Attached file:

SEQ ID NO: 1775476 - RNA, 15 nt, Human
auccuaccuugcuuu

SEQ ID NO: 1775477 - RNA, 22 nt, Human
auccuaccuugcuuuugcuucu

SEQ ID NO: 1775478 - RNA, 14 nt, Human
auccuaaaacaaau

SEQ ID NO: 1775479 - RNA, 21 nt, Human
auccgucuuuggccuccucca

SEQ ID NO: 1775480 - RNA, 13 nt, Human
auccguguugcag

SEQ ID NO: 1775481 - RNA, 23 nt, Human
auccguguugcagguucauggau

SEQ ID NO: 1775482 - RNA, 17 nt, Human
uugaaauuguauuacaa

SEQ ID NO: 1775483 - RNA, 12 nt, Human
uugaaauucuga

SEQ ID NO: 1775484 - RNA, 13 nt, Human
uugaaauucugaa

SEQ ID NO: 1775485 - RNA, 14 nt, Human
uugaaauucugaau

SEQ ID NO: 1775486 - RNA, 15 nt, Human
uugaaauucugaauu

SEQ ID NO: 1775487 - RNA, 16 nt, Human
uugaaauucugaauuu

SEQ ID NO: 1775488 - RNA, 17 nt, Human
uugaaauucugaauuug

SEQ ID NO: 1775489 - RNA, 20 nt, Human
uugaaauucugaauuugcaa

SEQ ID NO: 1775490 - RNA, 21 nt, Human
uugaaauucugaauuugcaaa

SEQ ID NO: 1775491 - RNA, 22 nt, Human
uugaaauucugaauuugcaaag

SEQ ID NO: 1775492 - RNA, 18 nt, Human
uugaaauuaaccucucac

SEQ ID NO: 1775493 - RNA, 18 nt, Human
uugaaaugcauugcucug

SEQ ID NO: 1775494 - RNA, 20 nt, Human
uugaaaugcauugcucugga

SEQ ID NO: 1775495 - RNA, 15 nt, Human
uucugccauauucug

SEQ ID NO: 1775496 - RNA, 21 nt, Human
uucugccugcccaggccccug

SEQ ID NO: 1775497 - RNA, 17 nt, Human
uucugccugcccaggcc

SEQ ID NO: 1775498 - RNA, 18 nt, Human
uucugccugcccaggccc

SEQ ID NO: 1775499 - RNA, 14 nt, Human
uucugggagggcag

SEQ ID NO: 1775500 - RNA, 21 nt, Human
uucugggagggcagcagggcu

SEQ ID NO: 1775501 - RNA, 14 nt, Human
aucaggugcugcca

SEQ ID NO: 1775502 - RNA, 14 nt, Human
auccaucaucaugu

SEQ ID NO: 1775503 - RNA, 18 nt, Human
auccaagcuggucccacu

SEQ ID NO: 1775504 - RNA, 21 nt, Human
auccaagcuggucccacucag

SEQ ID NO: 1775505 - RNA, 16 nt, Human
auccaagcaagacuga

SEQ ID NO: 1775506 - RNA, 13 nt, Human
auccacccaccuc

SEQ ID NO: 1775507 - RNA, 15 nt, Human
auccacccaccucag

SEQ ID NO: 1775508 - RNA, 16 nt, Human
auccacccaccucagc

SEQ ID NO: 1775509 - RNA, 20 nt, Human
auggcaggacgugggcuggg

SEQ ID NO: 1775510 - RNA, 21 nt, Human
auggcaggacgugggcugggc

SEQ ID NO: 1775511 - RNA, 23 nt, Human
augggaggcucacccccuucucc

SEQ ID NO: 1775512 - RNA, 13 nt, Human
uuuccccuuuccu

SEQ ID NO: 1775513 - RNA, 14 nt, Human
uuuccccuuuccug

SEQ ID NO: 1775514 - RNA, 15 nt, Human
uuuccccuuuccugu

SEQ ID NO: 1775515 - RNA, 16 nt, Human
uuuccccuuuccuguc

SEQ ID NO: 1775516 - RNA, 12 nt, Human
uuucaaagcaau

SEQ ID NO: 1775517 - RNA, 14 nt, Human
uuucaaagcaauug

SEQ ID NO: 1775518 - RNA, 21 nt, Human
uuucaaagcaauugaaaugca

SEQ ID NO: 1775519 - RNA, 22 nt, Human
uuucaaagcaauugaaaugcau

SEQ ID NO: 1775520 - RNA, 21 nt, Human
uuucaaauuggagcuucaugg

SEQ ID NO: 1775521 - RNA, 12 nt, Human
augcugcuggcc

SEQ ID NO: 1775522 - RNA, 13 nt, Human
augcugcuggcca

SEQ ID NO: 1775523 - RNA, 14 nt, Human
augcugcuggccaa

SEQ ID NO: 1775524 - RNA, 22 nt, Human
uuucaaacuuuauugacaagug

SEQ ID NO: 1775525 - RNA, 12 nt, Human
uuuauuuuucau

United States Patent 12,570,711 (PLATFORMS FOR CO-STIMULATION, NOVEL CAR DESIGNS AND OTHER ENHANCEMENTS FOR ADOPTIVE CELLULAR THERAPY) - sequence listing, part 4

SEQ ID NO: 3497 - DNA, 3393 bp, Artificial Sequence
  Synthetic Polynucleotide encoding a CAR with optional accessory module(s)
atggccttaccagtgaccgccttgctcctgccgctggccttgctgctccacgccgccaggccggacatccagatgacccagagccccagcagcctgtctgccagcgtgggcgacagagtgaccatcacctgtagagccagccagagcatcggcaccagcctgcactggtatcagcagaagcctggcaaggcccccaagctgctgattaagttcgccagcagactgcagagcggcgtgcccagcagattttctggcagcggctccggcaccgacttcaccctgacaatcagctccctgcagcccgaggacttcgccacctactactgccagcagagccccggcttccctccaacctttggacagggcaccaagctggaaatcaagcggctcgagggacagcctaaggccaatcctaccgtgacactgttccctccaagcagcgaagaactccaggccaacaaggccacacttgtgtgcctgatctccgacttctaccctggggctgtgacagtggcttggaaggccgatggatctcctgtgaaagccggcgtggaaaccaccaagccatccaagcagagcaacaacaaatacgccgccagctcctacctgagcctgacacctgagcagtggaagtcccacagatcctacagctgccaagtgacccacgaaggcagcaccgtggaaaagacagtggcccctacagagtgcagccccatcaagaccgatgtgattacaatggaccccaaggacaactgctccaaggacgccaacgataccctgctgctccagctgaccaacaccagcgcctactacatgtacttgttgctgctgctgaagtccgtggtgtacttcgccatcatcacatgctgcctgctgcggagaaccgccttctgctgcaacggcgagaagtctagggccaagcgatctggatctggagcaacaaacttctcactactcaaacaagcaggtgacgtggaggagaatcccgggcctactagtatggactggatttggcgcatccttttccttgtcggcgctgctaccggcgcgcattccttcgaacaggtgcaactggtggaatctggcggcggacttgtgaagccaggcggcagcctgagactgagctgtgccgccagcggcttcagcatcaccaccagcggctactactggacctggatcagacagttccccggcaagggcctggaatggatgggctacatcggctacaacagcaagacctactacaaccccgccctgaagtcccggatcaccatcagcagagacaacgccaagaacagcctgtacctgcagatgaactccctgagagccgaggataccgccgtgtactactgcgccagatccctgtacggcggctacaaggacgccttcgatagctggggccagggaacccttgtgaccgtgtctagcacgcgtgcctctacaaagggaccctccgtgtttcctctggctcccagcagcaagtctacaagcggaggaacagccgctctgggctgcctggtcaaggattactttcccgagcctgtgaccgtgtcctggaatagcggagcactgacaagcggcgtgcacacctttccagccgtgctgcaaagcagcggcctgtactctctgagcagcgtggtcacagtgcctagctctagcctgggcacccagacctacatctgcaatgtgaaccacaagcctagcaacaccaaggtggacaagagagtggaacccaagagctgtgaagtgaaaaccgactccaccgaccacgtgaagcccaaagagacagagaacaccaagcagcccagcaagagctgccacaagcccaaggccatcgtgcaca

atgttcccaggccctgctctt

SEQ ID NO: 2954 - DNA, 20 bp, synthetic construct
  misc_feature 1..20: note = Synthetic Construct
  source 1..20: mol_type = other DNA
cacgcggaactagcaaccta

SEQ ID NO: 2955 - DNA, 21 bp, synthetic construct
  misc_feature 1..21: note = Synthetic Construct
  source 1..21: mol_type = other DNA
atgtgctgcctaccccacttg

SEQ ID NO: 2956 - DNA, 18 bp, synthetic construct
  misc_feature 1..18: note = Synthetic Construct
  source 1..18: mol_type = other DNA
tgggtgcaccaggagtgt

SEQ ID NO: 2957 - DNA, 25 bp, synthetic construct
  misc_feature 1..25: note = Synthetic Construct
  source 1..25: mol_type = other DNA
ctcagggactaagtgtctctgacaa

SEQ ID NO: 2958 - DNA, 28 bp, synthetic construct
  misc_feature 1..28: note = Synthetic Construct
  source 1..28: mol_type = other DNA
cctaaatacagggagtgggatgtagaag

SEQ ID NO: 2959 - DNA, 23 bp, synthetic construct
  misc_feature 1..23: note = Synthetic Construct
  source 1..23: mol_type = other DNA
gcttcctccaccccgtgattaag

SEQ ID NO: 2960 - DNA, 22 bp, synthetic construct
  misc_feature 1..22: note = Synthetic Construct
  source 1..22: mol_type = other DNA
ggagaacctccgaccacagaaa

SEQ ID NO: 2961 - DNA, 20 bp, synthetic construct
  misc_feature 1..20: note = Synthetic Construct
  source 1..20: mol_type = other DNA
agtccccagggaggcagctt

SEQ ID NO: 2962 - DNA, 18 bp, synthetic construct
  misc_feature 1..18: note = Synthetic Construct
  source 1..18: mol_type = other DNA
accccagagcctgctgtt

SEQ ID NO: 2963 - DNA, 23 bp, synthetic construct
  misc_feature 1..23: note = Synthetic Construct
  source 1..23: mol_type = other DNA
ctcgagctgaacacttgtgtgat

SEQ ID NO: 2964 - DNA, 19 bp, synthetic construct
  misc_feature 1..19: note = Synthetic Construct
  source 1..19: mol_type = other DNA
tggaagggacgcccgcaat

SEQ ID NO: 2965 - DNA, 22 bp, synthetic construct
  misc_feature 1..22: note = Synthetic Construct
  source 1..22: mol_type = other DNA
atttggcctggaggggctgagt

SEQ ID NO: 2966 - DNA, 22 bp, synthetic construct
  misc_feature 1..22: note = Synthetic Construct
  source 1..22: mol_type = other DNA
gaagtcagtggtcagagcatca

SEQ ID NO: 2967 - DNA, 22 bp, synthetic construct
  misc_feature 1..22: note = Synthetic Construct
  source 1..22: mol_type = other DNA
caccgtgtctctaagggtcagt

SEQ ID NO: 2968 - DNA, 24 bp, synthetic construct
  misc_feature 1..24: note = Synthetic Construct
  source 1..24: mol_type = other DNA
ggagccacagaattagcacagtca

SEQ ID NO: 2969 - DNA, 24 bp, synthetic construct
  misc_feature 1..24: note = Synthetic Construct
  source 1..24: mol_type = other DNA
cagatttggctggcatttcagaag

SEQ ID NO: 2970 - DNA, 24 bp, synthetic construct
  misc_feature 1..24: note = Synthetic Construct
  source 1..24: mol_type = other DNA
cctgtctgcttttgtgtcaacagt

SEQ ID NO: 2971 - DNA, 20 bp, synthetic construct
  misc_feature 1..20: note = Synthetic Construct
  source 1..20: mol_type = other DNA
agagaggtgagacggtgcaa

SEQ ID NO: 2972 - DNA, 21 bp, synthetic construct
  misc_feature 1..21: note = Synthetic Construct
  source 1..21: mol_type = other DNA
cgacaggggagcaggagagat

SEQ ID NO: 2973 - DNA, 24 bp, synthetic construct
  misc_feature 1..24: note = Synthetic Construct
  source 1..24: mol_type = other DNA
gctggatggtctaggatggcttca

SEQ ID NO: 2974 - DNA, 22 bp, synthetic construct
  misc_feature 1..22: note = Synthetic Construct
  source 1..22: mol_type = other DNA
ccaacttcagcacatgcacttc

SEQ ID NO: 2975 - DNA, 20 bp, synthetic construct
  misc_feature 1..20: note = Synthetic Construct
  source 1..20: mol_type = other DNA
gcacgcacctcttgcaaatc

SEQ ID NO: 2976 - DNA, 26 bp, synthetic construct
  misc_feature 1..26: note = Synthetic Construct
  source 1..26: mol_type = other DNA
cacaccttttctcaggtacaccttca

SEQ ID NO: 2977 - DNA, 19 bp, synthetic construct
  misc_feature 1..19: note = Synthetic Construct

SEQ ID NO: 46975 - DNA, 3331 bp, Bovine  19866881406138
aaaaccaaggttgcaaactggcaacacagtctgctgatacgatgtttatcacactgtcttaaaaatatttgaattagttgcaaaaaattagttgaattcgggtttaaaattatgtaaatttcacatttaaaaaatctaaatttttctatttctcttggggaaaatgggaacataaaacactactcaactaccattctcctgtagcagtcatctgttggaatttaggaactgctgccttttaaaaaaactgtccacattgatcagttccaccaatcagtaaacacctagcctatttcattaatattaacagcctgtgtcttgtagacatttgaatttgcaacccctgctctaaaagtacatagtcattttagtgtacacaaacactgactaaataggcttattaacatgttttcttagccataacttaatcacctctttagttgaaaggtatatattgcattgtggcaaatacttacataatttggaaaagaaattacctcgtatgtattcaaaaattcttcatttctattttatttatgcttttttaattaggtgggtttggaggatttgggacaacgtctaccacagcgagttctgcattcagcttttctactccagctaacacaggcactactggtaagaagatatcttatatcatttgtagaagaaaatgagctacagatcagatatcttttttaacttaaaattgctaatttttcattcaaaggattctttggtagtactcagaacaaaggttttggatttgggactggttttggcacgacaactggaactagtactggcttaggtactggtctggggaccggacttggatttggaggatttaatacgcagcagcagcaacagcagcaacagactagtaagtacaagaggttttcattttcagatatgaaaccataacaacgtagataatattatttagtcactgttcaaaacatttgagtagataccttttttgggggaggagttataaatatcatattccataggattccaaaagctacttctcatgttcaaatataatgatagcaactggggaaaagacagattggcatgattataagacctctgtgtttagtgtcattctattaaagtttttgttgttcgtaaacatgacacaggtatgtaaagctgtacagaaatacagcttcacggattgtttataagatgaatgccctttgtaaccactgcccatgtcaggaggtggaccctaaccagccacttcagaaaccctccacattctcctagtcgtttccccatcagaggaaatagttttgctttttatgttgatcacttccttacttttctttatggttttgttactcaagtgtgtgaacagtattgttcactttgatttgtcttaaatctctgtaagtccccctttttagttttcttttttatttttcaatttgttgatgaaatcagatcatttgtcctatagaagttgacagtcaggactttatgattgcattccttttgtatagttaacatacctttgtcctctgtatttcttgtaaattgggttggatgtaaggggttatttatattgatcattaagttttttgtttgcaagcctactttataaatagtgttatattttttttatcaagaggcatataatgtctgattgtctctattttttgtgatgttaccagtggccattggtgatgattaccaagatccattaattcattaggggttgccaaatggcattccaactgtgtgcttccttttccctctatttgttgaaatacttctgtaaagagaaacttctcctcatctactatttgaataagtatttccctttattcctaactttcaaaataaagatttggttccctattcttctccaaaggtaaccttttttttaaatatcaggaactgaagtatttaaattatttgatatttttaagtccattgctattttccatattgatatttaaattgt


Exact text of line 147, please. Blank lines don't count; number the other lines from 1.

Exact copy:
  misc_feature 1..19: note = Synthetic Construct